Cuban restaurants obviously like doing a lot of dishes because everything always arrives on separate plates. I ordered the vaca frita which is practically a steak that has been boiled, shredded, and then placed in a pan and fried until crispy. It came with rice on a separate plate, black beans in a separate bowl, and the boiled yucca I ordered as a side dish in a separate dish. I had four plates for my one meal!! I order this often at Cuban restaurants and this is, hands down, the best one I’ve ever had. It was so crispy and flavorful and the sautéed, long strips of onions on top were seasoned with the right amount of mojo. Delicious! The boiled yucca was soft, but not too mushy and the beans and rice were fine as well.
My friend ordered the chicharrones de pollo which is basically fried chicken chunks. You can get an order of two or four and of course we went with the larger order! The chicken came with four large drumsticks fried to golden perfection. The skin was so flavorful and the meat was juicy and tender inside. It was accompanied with moros (rice and black beans cooked together) and crunchy pieces of pork rinds sprinkled on top. My friend commented that the rice wasn’t that good and that it was a bit dry.
After stuffing our faces we both had enough food for leftovers for lunch the next day. The bill was under $30 (!!!) for both of us and we left feeling very satisfied and full! I would definitely recommend anyone looking for cheap, authentic, tasty food to try out this restaurant. You won’t regret it!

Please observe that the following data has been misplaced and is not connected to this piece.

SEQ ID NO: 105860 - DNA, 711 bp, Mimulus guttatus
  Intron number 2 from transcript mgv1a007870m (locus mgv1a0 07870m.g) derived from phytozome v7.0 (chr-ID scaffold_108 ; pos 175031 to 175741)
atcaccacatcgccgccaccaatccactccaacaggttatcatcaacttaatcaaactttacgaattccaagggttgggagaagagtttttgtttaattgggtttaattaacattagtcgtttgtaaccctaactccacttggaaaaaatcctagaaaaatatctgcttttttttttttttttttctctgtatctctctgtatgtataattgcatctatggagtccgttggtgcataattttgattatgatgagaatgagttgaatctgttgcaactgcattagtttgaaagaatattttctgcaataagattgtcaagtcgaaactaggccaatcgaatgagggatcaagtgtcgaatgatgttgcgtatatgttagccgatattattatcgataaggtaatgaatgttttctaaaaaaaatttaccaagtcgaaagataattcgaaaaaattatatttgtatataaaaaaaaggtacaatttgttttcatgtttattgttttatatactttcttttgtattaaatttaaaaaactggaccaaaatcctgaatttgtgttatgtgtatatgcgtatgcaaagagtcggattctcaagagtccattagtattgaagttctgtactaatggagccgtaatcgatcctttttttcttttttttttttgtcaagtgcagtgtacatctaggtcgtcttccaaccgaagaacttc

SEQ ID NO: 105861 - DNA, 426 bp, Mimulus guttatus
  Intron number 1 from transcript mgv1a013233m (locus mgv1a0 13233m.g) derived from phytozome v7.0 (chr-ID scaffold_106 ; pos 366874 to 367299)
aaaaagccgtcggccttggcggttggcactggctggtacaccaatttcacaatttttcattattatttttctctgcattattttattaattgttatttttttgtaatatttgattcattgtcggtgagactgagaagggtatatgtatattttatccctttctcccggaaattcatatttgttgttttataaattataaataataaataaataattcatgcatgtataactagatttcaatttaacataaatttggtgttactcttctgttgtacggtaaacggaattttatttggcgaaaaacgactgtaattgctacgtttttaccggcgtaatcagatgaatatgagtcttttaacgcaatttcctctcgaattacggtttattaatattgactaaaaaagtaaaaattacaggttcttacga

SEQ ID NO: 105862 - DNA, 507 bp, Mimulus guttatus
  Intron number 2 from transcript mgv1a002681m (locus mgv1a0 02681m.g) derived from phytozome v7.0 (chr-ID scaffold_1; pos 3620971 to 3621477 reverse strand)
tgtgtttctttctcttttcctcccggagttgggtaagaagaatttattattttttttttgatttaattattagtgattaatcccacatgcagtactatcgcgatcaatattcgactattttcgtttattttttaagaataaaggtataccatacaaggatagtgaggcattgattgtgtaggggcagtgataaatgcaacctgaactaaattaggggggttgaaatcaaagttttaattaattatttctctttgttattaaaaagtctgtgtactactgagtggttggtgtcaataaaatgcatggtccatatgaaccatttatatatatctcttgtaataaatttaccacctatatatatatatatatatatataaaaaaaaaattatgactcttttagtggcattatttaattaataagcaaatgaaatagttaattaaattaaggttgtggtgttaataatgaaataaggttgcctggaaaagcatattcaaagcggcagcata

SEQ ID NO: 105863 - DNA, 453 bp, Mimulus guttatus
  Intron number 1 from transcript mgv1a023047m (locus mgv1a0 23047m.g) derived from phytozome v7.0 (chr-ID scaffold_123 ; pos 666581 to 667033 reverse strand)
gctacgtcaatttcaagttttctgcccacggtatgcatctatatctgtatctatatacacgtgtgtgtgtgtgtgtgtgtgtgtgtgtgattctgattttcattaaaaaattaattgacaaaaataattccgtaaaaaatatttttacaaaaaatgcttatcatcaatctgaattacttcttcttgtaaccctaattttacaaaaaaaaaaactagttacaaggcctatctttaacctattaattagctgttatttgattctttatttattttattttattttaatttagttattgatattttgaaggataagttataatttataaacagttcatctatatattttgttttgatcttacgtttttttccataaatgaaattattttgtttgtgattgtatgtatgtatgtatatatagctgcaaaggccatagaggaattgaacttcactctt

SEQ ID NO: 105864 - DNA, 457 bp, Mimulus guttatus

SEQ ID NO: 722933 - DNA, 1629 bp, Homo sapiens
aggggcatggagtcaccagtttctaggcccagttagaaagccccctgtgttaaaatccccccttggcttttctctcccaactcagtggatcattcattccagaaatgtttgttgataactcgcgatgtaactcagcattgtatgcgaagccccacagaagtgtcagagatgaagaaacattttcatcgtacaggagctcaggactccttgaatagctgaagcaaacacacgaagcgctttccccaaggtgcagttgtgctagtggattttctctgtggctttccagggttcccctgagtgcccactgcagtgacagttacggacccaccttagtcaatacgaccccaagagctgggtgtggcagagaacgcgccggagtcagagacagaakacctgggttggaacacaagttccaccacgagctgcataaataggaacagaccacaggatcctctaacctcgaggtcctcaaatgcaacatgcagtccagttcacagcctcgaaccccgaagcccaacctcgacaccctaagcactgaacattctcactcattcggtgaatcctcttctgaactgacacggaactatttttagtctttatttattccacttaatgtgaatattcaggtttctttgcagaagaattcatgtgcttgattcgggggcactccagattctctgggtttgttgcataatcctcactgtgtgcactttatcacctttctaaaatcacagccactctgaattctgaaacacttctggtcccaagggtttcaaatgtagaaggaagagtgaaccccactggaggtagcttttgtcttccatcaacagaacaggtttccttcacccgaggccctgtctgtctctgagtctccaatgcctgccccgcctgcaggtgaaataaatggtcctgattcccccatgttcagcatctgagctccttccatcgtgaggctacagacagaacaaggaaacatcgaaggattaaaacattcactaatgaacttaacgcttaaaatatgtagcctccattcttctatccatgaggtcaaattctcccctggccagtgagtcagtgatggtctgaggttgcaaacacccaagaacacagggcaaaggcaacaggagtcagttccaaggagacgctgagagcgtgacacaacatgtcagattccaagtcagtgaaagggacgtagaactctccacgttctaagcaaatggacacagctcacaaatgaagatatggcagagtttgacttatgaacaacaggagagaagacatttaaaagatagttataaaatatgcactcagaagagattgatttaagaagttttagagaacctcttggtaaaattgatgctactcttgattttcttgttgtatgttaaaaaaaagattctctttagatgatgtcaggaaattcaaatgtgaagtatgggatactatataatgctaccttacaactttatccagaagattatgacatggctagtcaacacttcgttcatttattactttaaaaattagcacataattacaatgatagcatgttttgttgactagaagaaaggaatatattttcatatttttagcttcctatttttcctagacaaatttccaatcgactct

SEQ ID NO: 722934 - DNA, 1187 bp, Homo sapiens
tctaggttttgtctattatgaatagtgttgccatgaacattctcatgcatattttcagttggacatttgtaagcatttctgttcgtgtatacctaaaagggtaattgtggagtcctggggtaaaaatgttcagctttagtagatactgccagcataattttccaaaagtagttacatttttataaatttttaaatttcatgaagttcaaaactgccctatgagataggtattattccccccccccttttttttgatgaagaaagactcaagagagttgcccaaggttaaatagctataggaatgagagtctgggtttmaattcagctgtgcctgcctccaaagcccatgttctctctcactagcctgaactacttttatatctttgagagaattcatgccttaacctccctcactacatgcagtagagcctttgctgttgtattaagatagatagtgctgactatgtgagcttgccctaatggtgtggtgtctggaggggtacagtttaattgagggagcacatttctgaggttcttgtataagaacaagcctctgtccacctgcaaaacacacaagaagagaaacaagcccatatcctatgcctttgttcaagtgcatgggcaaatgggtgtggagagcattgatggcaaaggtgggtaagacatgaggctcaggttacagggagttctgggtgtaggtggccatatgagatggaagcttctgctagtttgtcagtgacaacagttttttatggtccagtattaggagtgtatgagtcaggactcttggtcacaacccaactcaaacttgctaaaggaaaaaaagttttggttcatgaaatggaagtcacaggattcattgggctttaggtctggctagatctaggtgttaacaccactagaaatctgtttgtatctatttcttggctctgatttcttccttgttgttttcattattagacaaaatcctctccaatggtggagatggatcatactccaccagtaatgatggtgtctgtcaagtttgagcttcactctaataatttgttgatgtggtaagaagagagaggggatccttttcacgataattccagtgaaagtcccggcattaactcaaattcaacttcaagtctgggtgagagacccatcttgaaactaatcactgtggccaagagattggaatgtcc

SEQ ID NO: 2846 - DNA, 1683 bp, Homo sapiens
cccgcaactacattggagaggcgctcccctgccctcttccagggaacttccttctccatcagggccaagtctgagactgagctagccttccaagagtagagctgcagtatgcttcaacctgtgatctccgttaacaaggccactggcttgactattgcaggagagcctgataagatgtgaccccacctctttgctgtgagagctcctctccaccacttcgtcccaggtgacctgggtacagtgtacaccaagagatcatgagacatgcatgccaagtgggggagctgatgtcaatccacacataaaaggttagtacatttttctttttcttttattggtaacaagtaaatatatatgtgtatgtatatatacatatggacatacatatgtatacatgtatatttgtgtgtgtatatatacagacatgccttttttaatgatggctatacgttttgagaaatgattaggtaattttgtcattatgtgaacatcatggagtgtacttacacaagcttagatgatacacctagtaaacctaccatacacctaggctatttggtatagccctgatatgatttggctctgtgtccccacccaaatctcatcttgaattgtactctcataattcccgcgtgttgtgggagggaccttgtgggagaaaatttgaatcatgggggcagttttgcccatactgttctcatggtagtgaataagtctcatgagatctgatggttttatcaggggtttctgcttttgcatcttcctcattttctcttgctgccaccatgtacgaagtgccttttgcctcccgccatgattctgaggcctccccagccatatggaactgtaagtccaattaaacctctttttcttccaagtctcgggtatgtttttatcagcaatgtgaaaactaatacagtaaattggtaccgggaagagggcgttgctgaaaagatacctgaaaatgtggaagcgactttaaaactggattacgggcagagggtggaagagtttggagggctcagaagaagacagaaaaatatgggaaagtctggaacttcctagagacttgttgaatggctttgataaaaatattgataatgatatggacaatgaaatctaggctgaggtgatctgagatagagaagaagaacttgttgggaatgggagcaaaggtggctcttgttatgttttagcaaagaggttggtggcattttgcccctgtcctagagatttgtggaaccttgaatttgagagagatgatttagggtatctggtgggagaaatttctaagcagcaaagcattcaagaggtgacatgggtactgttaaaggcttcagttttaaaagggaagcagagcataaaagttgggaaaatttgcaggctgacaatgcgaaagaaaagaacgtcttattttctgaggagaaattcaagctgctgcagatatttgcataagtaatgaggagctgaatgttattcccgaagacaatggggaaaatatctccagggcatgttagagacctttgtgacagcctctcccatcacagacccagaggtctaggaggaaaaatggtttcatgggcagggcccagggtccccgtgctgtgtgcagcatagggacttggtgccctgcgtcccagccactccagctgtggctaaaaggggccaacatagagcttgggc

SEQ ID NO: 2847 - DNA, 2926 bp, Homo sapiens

Name: David Rosendorf
Occupation: Commercial Bankruptcy Attorney/Food Blogger
Lives In: Miami Beach
Restaurant Pick: Chu’s Taiwan Kitchen (closed)
Reviewed: Molina’s Ranch Restaurant
We arrived at Molina’s Ranch at about 8pm on a Friday night. The parking lot behind the restaurant was pretty full but the restaurant somehow less so. It’s a fairly large place, with a layout like many Cuban restaurants (and diners and delis) – a counter lined with stools as you walk in, and a dining room with several rows of tables (broken up by a couple dividers). There are a few big screen TVs around the room, a soundtrack of the 80’s greatest hits is playing on the stereo. The whole first page of the menu lists daily specials – some of which are regular menu items at lower prices, others are “off-menu” items that must rotate from day to day. If you get past that, there’s a very typical selection of chicken, pork, beef and seafood dishes, as well as sandwiches and a few other items.